Speak No Evil , Jaume Plensa

Speak No Evil, Jaume Plensa

Please be careful walking through this just might love it.  

This title phrase belongs to the Tampa Museum of Art artist label for Jaume Plensa's, Silent Rain, pictured near the end of this post. The "you might love it" is mine. Indeed, I am sure most visitors to the museum will enjoy this artwork. Gauging by social media posts, many visited the show over Valentine's Day weekend. I am excited this artwork is here.

The show is Jaume Plensa: Human Landscape. Jaume Plensa is a Spanish artist, born in Barcelona, internationally known and recognized. He has created artwork related to the human figure, immense in scale, that is and has been exhibited around the world in public spaces and museums.  His sculptures, some of those that are immense in scale, are positioned inside and outside the Tampa Museum. Plensa's artworks feature "multilingual text-based imagery and the simple human form — which he calls a funny kind of container — to create a universal visual language that hurdles cultural boundaries and unites people around the world."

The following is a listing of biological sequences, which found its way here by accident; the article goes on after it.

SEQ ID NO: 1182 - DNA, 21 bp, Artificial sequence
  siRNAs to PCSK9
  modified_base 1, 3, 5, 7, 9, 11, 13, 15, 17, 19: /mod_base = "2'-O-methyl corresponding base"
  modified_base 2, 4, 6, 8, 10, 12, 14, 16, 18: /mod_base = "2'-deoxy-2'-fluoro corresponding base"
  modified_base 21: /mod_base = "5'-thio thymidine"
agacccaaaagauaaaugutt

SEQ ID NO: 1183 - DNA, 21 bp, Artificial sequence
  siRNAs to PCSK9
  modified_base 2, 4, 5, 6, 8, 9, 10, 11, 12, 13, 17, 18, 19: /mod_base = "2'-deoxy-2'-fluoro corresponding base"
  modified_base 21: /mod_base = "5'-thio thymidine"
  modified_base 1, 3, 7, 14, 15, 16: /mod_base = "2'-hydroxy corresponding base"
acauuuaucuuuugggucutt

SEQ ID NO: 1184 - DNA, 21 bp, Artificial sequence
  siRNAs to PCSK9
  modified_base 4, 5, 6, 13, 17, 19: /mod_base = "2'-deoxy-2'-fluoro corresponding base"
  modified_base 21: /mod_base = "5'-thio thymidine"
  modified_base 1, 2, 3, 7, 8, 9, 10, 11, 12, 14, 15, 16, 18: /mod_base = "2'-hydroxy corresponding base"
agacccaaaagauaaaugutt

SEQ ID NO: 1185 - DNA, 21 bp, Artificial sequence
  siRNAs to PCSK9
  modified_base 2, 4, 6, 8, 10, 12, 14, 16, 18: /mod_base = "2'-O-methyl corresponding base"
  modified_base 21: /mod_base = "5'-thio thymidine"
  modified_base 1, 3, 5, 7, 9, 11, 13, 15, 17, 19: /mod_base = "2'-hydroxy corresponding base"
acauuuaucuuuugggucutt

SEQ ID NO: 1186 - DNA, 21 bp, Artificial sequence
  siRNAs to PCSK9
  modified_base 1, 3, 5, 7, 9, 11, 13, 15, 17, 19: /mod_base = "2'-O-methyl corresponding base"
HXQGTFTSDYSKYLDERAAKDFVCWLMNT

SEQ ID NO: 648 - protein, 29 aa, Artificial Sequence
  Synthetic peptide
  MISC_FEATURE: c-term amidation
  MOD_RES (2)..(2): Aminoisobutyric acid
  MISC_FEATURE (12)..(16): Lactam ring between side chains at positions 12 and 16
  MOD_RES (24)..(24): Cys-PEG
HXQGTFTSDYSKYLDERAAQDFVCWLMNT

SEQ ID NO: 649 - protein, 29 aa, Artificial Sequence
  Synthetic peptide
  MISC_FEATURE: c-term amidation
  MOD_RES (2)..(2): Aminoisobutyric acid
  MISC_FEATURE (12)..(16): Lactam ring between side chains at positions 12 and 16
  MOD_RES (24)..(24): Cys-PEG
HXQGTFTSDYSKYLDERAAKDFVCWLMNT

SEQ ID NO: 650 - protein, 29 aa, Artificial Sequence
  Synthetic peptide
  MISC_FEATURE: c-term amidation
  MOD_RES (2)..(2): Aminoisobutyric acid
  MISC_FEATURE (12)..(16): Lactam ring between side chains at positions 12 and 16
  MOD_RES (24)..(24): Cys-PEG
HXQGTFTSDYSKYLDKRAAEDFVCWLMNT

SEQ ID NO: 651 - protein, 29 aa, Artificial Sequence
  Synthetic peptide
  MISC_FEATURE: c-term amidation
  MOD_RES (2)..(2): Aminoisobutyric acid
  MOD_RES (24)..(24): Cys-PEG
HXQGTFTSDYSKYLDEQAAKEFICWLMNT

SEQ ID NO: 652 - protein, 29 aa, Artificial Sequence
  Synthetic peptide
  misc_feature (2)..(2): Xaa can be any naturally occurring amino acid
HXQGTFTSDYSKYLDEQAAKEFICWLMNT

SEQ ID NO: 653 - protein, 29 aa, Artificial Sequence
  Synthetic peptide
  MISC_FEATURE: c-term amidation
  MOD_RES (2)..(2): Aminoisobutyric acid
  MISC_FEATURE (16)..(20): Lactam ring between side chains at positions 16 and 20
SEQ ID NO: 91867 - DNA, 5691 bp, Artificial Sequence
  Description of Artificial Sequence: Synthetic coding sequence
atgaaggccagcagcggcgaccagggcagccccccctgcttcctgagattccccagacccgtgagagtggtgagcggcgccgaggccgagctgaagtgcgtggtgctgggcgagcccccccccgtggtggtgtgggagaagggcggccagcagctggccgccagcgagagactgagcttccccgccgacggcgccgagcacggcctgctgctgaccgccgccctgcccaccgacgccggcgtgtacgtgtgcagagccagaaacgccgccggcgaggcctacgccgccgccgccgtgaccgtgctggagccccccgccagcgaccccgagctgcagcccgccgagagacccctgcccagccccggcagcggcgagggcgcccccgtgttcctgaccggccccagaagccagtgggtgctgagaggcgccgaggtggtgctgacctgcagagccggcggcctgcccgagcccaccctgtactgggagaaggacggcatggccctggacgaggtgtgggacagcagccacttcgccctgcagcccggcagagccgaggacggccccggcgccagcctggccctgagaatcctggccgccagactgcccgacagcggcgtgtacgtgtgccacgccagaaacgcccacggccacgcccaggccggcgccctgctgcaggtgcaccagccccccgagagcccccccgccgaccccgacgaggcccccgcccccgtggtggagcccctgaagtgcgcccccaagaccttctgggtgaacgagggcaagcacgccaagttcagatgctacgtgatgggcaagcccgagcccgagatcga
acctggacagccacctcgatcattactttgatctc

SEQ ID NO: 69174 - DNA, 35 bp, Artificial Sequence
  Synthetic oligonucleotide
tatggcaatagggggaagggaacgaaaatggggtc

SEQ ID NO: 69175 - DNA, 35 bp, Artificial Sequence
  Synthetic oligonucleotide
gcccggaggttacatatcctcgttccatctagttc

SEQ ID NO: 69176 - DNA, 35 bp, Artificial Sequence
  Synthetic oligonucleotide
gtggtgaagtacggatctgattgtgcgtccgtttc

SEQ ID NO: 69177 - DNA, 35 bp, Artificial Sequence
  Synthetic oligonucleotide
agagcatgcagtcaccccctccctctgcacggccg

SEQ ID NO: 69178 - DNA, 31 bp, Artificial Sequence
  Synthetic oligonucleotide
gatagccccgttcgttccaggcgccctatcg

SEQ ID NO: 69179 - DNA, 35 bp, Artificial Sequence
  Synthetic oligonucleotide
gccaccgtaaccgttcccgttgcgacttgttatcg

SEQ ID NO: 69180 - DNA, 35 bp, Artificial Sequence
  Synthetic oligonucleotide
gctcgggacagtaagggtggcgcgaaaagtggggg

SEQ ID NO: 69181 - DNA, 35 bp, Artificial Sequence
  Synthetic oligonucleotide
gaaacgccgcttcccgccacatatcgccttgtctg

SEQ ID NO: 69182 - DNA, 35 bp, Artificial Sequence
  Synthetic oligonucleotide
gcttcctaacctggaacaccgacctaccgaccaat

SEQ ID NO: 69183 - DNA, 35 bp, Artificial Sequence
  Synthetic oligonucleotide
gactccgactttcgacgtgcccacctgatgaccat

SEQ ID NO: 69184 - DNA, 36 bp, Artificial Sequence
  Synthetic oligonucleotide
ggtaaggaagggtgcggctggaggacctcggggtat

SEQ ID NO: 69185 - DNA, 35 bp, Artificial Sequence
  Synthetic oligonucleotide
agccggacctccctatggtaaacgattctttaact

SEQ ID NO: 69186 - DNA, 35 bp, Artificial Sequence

Plensa believes his sculptures "act as respites within their surroundings;  conduits for meditation and reflection. I've always tried to generate silence in my work. We are in a noisy period of time, we hardly know if our words are our own or just an echo.  He dreams of someone standing in front his work and not necessarily seeing a sculpture, but seeing themselves reflected so that they must turn inward and begin to search for beauty there."

  The Soul of Words 1 , Jaume Plensa

The Soul of Words 1, Jaume Plensa

The artwork included in the Human Landscape titled exhibition may be exhibited indoors or outdoors depending on the venue environment and public spaces.  At the Tampa Museum, visitors can engage with some of the artwork whether the museum is open or closed.